Latest video roundup: From Tennessee to Hawaii

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As the AV Preservation team waits on the next large batch of digitized video content (check-in later this summer!), a small selection of videos has been described and made available for streaming in the last week, including:

VT-20004/1: 5th Annual Tennessee Grassroots Days
Held in Nashville’s Centennial Park in 1980, this video features performances by Leola Cullum, Gospel Stirrers, Bud Garrett, Lizzie Cheatham, Nimrod Workman, Jo-El Sonnier with Frazier Moss, Sam’s Ramblers, and Hazel Dickens. Also included are shots of the festival grounds, with demos spanning quilt-making to beekeeping.

Additional footage, PSAs and television coverage of annual Grassroots Days through the 80s can be found in the Southern Folk Cultural Revival Project Collection (#20004)

 

VT-20466/5: James “Son Ford” Thomas at Bacchus, Newark, Del., winter 1978

I highlighted a different James “Son Ford” Thomas video in the Robert Bethke Collection (#20466) in a previous post, in which he performed with George Thorogood and Ron Smith. Primarily playing solo, but joined by Ron Smith eventually, this performance takes place at the University of Delaware’s Bacchus Theater.

 

VT-20018/1 & VT-20018/2: Walter Raleigh Babson at UNC Chapel Hill with Andy Cahan, 1987
Walter Raleigh Babson performed twice at Chapel Hill in 1987, including his last public concert with Andy Cahan on November 12th (VT-20018/2), 26 days before passing away. Along with the performance, this tape includes a retrospective of Babson’s life through home movies and photographs.

 

Babson gracefully executes advanced yoga pose in home movie, undated (VT-20018/2)

VT-20018/1 documents Babson’s performance earlier in 1987 at Gerrard Hall on March 28th for the Southern Accents Fine Arts Festival at UNC, where he is again joined by Andy Cahan. Additional audio recordings and interviews of Babson can be accessed in the Andy Cahan Collection (#20018).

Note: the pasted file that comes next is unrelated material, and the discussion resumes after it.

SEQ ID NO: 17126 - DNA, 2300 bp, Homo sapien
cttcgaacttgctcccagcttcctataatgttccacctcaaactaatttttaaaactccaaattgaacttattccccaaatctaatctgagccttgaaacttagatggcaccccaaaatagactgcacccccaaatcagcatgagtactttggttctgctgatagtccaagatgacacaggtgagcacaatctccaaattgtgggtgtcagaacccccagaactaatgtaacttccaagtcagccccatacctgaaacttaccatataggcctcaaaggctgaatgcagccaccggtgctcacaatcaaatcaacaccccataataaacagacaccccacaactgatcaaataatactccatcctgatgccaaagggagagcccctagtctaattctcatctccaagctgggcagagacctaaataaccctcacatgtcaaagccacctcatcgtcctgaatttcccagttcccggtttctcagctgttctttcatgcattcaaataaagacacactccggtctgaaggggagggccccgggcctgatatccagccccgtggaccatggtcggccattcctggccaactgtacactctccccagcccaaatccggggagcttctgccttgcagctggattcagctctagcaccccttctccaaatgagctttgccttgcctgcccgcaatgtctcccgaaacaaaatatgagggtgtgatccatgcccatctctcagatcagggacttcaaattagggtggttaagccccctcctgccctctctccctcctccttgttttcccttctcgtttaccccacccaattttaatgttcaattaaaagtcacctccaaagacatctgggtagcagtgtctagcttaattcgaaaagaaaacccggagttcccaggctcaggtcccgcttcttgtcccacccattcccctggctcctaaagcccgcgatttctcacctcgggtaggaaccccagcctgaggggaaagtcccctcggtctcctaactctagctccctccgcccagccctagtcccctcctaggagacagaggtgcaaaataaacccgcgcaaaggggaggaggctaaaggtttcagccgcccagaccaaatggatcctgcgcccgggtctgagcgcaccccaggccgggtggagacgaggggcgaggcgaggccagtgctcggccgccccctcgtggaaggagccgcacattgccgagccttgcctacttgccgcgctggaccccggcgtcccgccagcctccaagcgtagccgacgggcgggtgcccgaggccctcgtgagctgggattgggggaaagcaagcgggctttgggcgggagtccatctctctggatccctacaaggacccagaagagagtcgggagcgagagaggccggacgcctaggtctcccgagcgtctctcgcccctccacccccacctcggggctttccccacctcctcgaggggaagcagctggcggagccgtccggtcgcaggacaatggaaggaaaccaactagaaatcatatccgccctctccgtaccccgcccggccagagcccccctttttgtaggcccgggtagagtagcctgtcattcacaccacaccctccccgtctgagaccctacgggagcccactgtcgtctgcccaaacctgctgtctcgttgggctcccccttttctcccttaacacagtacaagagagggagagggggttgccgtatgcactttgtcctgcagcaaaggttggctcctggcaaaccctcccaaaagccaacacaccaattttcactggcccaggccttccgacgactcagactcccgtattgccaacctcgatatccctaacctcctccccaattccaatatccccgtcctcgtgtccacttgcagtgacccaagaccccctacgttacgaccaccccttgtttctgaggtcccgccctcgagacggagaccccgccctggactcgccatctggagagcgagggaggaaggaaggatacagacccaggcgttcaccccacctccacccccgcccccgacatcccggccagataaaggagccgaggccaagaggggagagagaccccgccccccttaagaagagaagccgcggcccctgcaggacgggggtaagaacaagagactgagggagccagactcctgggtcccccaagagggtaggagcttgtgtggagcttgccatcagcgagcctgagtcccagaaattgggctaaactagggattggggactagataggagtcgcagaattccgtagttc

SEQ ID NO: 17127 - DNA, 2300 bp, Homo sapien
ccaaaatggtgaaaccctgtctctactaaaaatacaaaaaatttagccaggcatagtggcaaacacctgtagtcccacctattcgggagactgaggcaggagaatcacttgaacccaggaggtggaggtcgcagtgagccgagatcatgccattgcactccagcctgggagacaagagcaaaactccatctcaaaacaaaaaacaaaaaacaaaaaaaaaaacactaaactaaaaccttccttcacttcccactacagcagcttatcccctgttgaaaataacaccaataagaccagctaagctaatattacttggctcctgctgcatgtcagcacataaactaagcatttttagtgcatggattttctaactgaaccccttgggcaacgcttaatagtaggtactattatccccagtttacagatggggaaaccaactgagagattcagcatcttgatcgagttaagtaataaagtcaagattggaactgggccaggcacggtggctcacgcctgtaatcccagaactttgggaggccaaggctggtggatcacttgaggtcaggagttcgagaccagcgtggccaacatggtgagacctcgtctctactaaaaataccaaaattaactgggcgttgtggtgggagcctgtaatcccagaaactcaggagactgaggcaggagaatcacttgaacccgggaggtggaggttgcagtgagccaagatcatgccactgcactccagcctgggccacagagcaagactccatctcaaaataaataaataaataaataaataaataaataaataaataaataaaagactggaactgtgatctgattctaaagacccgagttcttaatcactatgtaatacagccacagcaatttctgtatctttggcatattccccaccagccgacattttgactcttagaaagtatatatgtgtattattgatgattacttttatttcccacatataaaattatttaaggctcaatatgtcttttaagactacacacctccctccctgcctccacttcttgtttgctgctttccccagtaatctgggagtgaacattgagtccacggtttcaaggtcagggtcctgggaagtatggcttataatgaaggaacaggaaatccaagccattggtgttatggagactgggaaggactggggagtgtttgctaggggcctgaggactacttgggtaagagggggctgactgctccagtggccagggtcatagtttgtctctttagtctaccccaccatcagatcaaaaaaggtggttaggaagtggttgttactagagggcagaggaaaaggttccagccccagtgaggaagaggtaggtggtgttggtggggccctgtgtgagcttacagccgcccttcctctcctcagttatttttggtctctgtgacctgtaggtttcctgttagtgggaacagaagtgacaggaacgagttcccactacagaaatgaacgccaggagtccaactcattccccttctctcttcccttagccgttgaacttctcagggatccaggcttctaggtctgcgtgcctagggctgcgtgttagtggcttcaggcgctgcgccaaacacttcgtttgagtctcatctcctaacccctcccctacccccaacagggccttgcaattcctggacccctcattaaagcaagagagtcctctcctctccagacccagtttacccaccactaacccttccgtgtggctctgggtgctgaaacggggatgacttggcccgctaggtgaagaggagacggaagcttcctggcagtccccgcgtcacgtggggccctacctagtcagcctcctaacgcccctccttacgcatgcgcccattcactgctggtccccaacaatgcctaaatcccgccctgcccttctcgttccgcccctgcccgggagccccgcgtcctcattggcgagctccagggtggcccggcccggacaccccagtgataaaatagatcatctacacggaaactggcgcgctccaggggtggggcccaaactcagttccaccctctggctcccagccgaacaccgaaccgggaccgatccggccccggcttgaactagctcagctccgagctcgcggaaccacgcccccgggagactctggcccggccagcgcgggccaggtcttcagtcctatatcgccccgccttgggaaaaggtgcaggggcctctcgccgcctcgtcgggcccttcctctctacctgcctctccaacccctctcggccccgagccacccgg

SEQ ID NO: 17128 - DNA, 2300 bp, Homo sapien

VT-20379/20 part 1 and part 2: Gene Bluestein with Nona Beamer on Folk Sources in American Culture, 1986

Gene Bluestein tries out the gourd rattle, with guidance from Nona Beamer

Gene Bluestein hosted a number of guests on his series Folk Sources in American Culture while at California State University. Many of these segments can be found in the Gene Bluestein collection (#20379). On this particular day, he hosted Nona Beamer, who shared examples of instruments and related Hawaiian folk traditions.

 

 

 

Workers of the World Unite! May Day in the Mike Seeger and Broadside Collections

flyer from album FC25202 in the Mike Seeger Collection, Southern Folklife Collection , UNC Chapel HillFor all workers, past, present, and future on this 126th International Workers’ Day we present this promotional flyer for the 1978 Folk Song Festival in Helsinki Finland, found inserted in a LP sleeve (along with miniature sticker versions of the flyer) in the SFC’s Mike Seeger Collection, FC-25202.